The first step for any application is to represent the possible actions for the domain. These actions are defined (using the Act-Editor) as a collection of Acts which can be translated into the internal operator/procedure representations of both the planner and executor.
A typical use of Cypress to implement a taskable, reactive agent has the executor continually monitoring the world for additional goals and events that might require action in response. When a plan is required or requested (in response to an event in the world), the executor makes the appropriate request of the planner. The executor continues to monitor and respond to the world while the planner plans. The plans generated by the planner are translated to Acts for execution. The executor executes the plans produced by using Acts at lower levels of abstraction to perform actions that have not been explicitly planned, and invokes the planner when replanning is required.
Using the operators translated from the Act representation, the planner generates plans in response to user-specified goals. The user can optionally instruct the planner to automatically employ the uncertain reasoner to reason about uncertain information while making decisions in the planning process. In particular, the uncertain reasoner can be invoked to choose among alternative objects and resources for use in the plan and to choose among alternative operators that can be applied to achieve a goal, based on user-supplied domain information. The uncertain reasoner can be called by the executor during plan execution when so directed by an Act. Thus, the domain programmer indicates those situations in which the uncertain reasoner should be employed.
Cypress supports run-time replanning. Should an unexpected problem arise during execution of the plan, the executor recognizes the problem, calls the planner to produce a new plan, and continues executing those portions of the plan that were not affected by the problem. Upon receiving a new plan, the executor would reconcile it with its current state and continue execution.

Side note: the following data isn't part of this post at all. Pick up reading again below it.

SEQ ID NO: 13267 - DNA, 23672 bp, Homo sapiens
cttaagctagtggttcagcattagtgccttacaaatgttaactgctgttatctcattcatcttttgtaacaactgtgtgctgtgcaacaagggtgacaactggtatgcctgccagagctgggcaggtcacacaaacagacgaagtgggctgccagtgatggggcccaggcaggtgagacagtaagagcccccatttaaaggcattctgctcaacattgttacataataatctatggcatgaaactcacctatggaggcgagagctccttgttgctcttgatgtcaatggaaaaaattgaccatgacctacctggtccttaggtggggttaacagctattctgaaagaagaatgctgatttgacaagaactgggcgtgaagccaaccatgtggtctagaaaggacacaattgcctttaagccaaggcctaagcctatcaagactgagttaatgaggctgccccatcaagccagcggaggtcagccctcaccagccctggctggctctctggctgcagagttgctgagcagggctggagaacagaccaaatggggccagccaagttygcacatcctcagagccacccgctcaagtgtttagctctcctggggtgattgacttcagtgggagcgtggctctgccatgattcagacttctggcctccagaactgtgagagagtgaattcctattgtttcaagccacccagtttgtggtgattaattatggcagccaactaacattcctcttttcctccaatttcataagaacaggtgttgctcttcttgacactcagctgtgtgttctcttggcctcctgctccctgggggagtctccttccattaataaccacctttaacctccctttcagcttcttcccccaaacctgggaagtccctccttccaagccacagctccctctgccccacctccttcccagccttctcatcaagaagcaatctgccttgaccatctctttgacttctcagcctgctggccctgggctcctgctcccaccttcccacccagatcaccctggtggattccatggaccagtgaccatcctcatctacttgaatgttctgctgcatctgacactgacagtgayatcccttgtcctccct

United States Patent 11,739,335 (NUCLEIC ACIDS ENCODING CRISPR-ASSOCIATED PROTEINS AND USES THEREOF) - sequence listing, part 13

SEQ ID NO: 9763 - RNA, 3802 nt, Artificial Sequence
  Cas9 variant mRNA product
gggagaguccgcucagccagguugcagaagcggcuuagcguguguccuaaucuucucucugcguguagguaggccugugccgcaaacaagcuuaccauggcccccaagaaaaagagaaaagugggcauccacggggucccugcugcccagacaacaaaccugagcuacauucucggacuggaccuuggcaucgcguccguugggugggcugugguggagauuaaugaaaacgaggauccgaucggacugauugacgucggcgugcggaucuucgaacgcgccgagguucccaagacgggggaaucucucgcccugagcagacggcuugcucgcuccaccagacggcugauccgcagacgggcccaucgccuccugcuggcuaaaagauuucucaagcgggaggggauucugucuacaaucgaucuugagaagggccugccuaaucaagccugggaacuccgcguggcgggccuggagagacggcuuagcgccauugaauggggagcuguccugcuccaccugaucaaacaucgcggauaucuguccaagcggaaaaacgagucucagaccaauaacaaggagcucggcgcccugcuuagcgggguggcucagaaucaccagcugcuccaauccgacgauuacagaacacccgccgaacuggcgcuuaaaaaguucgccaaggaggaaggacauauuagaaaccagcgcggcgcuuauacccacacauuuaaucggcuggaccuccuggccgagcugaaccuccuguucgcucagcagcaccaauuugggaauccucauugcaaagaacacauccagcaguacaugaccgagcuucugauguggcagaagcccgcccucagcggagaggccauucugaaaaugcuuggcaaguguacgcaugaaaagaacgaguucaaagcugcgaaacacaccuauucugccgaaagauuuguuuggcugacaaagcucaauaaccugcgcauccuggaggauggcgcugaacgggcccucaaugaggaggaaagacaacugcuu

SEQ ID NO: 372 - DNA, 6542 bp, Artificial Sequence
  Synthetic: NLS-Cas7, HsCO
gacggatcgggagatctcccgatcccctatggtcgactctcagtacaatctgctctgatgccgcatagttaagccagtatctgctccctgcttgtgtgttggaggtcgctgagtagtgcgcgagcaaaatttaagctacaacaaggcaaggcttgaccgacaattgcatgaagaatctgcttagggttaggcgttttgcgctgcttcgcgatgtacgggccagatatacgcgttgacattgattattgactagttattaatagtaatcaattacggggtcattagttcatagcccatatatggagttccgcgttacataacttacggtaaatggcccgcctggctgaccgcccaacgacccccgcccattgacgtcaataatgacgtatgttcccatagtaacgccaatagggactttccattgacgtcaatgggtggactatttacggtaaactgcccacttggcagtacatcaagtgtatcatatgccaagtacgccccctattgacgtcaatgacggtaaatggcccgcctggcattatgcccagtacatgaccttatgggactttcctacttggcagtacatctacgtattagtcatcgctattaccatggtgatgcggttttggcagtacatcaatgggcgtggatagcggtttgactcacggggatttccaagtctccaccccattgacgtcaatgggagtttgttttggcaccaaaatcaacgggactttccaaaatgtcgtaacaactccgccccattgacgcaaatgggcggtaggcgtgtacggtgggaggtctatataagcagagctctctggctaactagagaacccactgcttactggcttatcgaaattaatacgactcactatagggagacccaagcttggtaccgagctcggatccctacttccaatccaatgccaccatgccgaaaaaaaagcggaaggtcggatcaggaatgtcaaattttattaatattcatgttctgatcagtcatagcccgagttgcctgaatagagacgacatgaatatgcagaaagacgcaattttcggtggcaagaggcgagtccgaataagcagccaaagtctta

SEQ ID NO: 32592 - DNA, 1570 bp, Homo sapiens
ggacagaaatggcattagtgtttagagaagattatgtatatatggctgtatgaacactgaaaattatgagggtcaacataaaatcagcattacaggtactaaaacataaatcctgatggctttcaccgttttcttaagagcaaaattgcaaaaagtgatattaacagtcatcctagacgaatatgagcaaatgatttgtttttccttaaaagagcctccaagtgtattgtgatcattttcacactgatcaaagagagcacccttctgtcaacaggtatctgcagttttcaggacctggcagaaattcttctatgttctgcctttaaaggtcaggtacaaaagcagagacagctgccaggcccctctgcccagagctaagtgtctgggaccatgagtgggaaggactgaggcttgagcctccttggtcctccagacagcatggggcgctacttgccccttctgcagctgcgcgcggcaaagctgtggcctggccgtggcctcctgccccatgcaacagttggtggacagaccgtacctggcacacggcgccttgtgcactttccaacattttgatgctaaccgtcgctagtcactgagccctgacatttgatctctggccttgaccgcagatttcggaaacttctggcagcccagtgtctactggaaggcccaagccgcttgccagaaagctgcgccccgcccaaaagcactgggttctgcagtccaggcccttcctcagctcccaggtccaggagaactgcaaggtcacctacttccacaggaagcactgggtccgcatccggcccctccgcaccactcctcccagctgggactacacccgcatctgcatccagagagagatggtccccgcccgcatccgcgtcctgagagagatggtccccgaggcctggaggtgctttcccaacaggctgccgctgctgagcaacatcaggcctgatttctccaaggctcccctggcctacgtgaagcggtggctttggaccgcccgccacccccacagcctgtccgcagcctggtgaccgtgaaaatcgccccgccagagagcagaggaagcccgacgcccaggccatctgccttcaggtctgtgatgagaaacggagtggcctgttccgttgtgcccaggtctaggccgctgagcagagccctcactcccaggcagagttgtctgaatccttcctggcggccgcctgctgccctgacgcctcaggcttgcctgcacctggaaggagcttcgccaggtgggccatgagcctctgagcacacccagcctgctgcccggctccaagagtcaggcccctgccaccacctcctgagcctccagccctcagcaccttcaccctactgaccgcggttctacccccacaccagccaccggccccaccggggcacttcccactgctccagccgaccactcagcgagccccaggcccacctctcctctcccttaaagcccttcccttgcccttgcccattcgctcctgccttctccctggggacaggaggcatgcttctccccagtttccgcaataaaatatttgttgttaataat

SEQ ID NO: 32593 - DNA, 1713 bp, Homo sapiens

Cypress has been applied to joint military operations planning, in a manner that parallels the above description. For this application, the planner uses domain knowledge in the form of Acts to generate employment and deployment plans for dealing with specific enemy threats, using the uncertain reasoner to choose military units based on uncertain information about both friendly and enemy units. (Click here for more details on planning in this domain.) The plan is translated to an Act for execution, and the executor employs a suite of lower-level Acts during execution that define the execution steps for the actions that the planner assumes as primitive. The executor responds to unexpected events with Acts that encode standard operating procedures. When execution of the plan reaches an impasse because of some unexpected changes in the world, it invokes the planner to provide an alternative plan, while continuing execution of activities not affected by the failure.
A critical issue in any application is dividing responsibility between the planner and executor. In principle, each can execute Acts at any level of abstraction. In practice, the planner should not plan to the lowest level of detail and the execution system should not execute very abstract actions, unless forced to do so by time limitations. For these reasons, a fixed level of abstraction is specified for each application that serves as an interface level between planning and execution. The planner plans down only to the interface level, while the executor will accept plans at that level and attempt to execute them using actions from that level of abstraction or below. For the military operations domain, nine levels of abstraction are employed in representing domain actions. The planner plans through five levels of abstraction, at which point actions are at the level of deploying forces, mobilizing units, and establishing patrols. The executor employs Acts from the remaining four levels of abstraction during execution. There are no recursive operators in these levels; thus, the executor performs at most four levels of subgoaling for this domain.